We headed down to Sweet Peas, a local purveyor of fine baby goods, and I let her choose from among four different colors of Baby Bjorn potties (the toilet I had previously decided on after much research; this is the only toilet sold at that store, so although she was “picking out a potty herself,” any choice was the right choice!). She wavered at first, but settled on a blue potty. Then we went to the bookstore, where we chose a book about using the toilet. We took the potty home and she managed to pee in it twice between 4:30 and 6 p.m. She was so delighted to finally be flushing her own pee-pee goodbye instead of Mommy’s!

In fact, Maddi was a happy little camper all evening, insisting on sitting on her potty for 20 minutes at a time until she went (sitting still for 20 seconds is quite a feat ordinarily, let alone 20 minutes) and carrying her potty around lovingly. (Unfortunately, she tried to do this with one shoe on and one off, tripped and split her little lip; thus necessitating her first ice-cream sandwich, as that was the only way we could keep anything cold against her mouth long enough to stop the swelling). She was happy as could be to sit on that pot with the Play-Doh she’s allowed to use only while on the potty, plopping it in and out of the can and pausing every once in awhile to grab a piece of toilet paper and haphazardly “wipe” her posterior.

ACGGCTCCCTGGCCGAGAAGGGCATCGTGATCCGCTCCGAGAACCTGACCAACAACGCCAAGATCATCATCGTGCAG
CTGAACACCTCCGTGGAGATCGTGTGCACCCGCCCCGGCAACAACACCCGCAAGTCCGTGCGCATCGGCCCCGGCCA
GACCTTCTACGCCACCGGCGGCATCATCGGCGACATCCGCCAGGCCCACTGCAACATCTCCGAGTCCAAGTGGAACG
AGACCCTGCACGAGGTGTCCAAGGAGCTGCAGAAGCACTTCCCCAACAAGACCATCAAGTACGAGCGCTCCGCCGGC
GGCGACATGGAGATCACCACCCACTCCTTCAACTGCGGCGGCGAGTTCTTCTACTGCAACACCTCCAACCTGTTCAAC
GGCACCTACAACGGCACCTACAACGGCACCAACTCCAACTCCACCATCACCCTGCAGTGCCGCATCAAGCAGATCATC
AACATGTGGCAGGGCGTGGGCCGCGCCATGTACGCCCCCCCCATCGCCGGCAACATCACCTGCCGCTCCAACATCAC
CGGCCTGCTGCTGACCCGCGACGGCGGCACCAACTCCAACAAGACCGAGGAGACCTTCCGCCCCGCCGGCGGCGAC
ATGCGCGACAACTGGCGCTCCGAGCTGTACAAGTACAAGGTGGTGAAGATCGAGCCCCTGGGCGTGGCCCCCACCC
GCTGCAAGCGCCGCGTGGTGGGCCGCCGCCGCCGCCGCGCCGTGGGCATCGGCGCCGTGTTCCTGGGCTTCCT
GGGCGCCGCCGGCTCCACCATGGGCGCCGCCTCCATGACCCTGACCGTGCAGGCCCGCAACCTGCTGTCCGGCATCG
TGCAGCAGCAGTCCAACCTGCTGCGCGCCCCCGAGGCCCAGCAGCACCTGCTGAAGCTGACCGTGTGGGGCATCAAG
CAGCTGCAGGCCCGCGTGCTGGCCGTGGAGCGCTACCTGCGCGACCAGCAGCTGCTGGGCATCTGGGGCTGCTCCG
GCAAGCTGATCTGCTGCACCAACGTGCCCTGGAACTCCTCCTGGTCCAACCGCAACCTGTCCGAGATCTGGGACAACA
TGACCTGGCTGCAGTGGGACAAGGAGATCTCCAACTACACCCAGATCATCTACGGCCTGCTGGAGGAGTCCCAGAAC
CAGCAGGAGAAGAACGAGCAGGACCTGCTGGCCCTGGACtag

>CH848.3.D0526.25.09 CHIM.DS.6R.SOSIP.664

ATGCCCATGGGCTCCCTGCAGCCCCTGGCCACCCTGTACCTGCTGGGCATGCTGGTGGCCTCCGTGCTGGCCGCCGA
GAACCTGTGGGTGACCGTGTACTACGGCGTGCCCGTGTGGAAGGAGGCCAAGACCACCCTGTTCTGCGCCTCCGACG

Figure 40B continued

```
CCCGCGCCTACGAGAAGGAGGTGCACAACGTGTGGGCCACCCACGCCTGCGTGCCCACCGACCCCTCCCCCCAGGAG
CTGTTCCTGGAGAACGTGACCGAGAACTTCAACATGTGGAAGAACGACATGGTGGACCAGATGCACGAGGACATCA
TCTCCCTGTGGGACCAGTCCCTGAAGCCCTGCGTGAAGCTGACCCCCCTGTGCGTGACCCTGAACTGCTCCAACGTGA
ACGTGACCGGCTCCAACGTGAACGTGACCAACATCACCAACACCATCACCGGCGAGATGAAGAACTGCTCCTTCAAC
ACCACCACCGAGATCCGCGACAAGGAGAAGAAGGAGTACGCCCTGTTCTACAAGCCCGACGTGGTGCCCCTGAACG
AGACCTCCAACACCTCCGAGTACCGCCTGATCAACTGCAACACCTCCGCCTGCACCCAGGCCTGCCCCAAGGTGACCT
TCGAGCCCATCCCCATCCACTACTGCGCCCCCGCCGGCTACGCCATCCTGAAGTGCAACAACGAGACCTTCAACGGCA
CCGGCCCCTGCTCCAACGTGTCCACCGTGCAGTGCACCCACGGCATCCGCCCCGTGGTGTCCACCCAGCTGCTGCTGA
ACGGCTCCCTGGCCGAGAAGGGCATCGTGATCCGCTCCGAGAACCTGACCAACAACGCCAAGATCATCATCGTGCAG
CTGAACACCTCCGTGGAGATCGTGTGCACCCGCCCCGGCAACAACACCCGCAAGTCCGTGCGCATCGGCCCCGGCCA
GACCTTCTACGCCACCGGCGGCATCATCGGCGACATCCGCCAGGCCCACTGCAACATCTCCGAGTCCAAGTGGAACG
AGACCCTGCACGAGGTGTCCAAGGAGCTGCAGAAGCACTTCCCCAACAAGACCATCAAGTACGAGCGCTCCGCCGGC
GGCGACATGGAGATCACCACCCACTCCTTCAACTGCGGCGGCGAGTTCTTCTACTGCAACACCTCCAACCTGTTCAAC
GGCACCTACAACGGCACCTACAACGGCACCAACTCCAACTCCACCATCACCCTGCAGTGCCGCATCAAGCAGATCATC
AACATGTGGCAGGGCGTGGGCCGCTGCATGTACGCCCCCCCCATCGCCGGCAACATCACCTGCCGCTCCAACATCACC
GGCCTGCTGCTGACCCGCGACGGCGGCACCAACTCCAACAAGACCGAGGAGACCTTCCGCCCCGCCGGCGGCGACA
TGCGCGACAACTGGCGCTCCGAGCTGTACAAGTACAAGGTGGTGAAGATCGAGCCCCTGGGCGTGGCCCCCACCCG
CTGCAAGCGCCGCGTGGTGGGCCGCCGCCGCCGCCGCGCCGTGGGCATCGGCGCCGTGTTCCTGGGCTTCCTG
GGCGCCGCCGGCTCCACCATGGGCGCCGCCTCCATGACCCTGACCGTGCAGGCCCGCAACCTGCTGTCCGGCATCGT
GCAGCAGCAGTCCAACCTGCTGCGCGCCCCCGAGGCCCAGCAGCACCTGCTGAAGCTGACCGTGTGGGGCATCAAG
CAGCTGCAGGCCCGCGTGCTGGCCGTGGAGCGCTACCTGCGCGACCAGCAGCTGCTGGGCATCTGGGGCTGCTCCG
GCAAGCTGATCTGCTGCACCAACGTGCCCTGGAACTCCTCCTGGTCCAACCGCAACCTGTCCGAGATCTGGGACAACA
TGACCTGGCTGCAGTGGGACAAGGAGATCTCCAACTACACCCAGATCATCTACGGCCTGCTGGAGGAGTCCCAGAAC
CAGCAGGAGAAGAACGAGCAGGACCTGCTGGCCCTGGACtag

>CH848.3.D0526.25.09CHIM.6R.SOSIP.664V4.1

We’re not sure how quickly the potty training will go, since supposedly children who start before 18 months of age take longer to train, but it’s better than the alternative. Maddi seems very happy to have her own potty, as she’s been waiting for this moment for what probably feels to her like years, and we’re happy that she is so enthusiastic about it. We’d have been just as happy if she’d wanted to wait until we were prepared for such a time-consuming undertaking, but it’s not as if disinfecting an entire room and an entire toddler (and then the bathtub) isn’t time-consuming either.

Coming soon: Pics of Maddi’s first ice-cream sandwich!